Not all school principals welcomed a recent Education Department proposal that they take part in leadership courses.
However, as a secondary school principal, I welcomed this proposal as being forward-looking and something that could only help improve the quality of education in Hong Kong.
School principals are going to face many challenges and changes, as we enter the new millennium.
However, in spite of the Education Department putting forward this proposal, when it came to my case, it was a case of officials adopting double standards.
The department encouraged principals to take paid study leave. Heads and teachers are entitled to take paid study leave up to one year.
However, my application for half-year study leave for the last stage of my course at a local university on leadership and quality education, was turned down on the grounds that the whole course lasts longer than a year.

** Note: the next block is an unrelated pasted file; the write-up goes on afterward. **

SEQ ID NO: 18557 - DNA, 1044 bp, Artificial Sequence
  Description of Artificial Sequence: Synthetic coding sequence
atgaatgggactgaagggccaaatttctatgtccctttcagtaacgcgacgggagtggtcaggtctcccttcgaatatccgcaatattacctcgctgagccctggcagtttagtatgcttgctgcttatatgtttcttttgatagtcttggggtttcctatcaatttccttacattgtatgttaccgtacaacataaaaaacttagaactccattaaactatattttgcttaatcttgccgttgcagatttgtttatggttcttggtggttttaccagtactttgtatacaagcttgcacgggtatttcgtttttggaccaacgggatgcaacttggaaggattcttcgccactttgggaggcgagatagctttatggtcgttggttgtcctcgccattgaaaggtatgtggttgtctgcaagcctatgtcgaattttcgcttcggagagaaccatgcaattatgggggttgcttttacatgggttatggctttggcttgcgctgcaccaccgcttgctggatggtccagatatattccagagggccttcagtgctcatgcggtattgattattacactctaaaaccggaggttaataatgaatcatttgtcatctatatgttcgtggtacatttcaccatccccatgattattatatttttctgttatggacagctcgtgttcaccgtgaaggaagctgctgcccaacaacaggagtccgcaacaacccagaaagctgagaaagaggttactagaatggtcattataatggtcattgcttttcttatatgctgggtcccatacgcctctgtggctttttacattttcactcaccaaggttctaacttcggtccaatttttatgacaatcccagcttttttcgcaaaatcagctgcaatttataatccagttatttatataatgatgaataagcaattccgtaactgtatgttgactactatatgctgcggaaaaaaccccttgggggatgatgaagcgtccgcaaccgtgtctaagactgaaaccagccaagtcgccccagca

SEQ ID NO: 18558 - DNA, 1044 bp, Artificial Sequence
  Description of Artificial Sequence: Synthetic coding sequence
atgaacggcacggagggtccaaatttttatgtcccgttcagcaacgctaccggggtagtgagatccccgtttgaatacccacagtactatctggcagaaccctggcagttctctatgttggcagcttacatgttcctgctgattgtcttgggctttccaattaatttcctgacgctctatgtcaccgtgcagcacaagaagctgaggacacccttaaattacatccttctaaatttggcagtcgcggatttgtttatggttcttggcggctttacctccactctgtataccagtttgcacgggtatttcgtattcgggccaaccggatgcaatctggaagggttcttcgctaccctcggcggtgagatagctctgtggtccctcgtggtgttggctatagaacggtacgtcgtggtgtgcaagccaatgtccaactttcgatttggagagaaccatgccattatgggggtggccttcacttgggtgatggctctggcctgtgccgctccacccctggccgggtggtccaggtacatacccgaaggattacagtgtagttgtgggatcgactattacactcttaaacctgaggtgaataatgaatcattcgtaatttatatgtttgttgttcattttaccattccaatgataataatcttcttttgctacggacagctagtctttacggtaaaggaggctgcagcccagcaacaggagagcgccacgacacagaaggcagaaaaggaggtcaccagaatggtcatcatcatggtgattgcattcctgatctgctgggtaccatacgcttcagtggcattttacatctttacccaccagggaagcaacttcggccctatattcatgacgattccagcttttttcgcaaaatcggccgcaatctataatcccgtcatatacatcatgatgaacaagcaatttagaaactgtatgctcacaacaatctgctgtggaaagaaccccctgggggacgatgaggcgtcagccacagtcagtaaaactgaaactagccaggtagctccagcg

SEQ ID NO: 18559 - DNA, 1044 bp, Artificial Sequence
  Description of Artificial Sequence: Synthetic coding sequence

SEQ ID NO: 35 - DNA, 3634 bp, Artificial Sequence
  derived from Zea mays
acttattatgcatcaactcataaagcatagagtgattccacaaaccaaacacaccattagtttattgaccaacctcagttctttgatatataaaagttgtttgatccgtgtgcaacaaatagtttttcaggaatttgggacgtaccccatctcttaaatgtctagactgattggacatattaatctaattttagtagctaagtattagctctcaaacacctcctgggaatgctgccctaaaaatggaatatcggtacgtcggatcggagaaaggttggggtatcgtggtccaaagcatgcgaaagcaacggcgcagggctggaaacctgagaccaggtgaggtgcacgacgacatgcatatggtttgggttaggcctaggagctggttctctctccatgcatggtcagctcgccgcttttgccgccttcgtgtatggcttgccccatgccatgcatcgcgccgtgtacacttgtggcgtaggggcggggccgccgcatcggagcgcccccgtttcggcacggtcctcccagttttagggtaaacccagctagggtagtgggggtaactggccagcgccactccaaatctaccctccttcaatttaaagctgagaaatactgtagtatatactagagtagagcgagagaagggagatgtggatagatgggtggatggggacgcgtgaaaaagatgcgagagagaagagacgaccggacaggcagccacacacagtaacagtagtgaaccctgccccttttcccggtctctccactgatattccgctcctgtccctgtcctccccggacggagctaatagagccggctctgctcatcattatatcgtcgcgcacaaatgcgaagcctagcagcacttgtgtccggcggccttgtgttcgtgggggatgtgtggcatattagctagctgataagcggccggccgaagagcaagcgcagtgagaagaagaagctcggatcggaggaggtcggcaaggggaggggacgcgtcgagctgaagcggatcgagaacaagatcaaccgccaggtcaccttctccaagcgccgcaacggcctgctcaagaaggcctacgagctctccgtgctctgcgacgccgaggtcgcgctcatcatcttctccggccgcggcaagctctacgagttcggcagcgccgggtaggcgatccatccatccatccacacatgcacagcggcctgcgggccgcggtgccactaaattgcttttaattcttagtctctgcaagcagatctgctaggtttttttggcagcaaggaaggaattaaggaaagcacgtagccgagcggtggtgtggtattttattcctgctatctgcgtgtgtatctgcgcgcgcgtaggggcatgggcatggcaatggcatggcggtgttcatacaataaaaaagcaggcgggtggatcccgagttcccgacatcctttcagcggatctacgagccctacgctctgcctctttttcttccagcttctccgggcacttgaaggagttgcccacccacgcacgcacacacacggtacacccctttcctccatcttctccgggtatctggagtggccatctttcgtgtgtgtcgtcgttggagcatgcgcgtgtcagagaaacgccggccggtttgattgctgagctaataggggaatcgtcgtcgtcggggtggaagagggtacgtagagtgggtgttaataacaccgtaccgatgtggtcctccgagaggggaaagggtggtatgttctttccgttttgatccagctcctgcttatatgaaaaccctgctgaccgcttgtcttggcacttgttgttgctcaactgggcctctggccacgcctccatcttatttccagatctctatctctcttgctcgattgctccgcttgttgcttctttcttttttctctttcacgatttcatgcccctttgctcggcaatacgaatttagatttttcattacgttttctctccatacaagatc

If the department restricts the entire course length, instead of the requested study leave, to one year, this would appear to be an unusually rigid interpretation of its own rule. The programme length of such a course will depend upon whether you are studying full-time or part-time modes.
All along, I thought I was helping the school by doing as much of the course part-time. In other words, most of the studying was being done in my own time, leaving only the last part as a full-time course, because this part involved a lot of field work.
The Education Department's proposal to enhance principals' leadership skills has been hampered by the adoption of a rigid and bureaucratic attitude.
It is all very well having worthy goals, but officials must have the flexibility to implement them.
If this was done, then the education system in Hong Kong would have a much brighter future.
NAME AND ADDRESS SUPPLIED